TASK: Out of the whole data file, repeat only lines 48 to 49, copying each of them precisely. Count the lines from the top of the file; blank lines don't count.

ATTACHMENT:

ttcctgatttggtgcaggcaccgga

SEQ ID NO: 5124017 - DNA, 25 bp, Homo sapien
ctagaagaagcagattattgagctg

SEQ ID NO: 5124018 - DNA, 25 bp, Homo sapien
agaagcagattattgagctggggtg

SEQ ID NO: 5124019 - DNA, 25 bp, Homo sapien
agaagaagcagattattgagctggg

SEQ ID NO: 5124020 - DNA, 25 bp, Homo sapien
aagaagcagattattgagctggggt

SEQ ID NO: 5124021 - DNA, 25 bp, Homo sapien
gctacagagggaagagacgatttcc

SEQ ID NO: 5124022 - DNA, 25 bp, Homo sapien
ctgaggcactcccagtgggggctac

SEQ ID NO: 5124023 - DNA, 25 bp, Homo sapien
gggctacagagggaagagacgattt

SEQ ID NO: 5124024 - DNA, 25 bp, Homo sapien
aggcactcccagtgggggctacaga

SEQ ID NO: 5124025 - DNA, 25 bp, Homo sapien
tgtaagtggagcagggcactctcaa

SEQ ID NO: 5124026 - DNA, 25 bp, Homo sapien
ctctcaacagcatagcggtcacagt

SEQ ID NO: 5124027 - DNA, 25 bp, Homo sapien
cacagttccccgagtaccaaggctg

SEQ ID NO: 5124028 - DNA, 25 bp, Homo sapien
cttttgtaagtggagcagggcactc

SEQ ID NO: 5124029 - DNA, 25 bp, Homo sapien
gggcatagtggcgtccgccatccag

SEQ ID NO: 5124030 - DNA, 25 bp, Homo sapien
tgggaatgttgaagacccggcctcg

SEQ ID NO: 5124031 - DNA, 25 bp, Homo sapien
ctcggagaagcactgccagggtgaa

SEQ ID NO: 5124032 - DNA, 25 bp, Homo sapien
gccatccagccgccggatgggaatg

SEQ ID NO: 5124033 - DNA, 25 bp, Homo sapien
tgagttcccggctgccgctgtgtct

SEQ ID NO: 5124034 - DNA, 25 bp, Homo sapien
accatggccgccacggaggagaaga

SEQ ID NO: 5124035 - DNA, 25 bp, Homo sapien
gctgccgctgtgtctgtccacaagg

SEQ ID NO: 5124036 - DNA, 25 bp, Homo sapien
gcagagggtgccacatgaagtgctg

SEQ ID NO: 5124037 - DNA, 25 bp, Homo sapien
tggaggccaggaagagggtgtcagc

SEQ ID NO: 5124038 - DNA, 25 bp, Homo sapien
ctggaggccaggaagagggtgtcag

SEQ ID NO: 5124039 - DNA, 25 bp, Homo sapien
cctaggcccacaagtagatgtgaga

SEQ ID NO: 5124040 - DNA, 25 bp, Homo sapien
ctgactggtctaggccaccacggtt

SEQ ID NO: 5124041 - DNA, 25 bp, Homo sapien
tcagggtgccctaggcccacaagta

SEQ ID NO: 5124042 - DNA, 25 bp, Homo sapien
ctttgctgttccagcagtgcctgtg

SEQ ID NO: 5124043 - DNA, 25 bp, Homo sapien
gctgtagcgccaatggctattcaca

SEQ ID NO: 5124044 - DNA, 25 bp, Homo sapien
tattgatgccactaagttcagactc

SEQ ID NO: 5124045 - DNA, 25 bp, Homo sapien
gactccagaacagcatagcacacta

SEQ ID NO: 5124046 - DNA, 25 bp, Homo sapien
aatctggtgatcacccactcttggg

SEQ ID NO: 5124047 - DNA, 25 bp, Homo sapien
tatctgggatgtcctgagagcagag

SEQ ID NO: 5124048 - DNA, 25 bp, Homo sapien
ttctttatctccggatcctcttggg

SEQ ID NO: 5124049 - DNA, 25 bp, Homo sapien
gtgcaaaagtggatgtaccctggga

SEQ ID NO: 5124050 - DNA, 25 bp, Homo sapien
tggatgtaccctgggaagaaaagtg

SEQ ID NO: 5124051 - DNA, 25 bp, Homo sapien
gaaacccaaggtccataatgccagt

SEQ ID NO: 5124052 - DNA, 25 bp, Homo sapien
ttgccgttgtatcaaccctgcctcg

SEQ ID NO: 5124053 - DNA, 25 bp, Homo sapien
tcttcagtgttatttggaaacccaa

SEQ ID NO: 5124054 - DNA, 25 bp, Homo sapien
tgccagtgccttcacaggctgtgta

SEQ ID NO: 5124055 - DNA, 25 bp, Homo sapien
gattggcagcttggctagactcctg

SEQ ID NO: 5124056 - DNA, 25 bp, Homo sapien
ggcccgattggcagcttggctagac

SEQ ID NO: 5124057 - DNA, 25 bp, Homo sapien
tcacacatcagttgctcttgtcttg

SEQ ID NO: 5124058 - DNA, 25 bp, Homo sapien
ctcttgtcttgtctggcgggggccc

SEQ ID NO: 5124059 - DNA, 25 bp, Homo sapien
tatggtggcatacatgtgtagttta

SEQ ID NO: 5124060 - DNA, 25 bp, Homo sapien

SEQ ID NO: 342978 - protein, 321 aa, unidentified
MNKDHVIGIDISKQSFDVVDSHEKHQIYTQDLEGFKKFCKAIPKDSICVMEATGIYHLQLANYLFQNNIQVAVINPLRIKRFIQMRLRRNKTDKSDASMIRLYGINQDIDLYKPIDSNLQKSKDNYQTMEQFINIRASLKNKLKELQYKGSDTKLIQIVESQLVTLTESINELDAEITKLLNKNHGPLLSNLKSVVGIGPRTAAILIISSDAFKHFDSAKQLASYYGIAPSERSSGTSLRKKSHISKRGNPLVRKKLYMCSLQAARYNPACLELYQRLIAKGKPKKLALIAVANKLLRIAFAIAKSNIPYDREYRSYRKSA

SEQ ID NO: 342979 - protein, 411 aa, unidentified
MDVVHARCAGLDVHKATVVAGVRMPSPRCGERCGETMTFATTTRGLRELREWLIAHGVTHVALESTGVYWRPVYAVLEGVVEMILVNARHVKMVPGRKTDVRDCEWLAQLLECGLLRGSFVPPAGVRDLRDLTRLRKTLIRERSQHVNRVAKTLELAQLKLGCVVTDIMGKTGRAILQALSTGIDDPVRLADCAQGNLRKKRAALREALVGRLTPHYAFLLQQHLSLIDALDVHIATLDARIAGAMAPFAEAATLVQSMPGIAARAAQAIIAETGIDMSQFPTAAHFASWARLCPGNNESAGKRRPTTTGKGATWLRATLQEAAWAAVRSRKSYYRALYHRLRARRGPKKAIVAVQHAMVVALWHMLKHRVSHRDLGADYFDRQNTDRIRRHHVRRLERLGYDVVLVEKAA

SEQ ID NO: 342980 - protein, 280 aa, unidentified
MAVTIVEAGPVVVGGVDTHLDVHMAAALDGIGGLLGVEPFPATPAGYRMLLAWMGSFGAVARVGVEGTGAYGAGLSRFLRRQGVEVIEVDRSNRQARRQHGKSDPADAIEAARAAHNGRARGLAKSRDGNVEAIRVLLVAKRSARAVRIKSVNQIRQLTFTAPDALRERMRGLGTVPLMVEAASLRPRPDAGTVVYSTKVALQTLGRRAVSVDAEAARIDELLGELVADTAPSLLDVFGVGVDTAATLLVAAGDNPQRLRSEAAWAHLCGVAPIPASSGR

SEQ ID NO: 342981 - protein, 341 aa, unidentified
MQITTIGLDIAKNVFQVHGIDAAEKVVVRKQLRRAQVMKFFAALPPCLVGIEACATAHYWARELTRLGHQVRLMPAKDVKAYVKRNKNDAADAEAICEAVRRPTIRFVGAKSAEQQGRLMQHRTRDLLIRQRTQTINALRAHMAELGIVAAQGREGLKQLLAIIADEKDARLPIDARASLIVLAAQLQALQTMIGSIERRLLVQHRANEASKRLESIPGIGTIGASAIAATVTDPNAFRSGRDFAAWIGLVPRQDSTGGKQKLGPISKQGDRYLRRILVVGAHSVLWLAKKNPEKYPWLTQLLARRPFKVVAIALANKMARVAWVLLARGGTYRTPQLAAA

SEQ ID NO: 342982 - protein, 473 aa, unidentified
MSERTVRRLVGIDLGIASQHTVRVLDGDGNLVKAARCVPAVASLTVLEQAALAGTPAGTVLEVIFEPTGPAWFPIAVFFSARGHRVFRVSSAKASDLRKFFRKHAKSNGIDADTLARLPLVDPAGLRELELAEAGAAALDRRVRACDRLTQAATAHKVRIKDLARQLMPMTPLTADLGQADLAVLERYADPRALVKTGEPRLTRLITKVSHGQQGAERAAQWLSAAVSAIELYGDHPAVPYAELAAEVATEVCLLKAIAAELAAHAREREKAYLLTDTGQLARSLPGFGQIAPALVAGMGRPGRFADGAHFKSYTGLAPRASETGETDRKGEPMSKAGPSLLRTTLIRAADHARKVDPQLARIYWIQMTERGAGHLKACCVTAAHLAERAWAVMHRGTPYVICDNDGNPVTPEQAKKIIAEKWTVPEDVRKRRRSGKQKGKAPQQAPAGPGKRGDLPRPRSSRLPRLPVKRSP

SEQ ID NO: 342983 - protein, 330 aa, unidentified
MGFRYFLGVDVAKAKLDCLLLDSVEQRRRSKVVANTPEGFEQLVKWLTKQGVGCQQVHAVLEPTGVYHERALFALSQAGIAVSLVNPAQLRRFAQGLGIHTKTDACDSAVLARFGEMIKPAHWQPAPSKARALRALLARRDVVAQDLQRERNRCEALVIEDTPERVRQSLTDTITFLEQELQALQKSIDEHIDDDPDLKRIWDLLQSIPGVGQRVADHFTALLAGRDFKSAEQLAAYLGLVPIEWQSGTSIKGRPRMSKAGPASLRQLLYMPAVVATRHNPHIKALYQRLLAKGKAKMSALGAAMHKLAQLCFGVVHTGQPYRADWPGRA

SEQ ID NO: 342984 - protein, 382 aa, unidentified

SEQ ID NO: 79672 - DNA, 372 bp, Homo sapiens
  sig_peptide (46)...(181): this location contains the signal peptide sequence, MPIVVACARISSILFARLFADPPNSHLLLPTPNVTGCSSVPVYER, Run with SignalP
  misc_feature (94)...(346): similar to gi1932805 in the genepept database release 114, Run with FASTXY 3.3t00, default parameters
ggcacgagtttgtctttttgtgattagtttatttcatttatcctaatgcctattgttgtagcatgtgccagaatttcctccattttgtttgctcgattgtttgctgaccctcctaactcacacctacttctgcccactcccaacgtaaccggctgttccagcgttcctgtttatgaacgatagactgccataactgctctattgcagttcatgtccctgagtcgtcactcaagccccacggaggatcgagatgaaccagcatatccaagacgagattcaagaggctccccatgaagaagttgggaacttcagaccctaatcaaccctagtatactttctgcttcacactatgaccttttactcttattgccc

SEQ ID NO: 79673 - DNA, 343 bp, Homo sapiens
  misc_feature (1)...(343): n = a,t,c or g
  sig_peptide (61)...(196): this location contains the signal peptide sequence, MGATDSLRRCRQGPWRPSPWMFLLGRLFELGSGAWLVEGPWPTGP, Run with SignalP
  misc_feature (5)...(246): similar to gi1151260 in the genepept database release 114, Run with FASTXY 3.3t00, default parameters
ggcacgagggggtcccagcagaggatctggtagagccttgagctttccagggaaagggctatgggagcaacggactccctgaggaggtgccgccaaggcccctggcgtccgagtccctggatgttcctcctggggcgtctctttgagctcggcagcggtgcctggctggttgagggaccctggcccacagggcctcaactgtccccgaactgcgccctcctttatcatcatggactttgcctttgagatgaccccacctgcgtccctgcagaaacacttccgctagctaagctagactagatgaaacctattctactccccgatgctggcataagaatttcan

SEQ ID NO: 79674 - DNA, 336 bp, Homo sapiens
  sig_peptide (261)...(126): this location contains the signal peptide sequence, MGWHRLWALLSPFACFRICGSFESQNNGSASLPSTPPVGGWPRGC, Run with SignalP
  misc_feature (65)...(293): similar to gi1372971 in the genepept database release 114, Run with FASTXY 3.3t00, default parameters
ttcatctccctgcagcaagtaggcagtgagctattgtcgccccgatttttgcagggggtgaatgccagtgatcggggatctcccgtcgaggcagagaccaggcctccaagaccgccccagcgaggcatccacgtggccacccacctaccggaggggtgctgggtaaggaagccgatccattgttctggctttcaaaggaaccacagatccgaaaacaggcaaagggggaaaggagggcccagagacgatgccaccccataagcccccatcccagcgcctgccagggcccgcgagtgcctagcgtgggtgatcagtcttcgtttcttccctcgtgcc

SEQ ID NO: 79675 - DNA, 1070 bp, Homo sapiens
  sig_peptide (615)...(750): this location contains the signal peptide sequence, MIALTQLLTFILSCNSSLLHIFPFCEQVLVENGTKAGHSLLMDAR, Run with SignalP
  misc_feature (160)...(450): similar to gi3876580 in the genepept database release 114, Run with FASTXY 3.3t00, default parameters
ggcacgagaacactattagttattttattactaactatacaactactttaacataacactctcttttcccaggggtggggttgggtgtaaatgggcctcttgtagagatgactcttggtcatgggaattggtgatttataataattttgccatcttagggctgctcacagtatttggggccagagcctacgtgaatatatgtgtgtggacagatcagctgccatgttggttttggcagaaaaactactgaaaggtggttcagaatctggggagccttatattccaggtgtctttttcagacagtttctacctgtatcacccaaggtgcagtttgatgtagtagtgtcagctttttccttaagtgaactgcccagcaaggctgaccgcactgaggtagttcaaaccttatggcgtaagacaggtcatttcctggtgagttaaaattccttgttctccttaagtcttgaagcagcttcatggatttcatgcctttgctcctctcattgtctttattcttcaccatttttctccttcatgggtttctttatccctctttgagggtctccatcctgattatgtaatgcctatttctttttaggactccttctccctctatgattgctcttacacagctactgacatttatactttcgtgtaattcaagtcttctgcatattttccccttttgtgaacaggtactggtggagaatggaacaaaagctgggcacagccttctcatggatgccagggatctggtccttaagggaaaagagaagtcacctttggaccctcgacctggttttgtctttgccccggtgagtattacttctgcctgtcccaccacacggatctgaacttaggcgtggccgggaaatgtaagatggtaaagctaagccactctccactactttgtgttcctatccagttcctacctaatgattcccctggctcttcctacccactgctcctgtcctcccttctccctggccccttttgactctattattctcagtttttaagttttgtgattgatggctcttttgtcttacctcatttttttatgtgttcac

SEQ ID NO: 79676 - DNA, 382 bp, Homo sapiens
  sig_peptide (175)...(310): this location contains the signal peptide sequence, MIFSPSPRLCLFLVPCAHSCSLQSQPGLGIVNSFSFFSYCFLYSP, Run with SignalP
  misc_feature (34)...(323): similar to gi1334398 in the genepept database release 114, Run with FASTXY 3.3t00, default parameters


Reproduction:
SEQ ID NO: 5124040 - DNA, 25 bp, Homo sapien
ctgactggtctaggccaccacggtt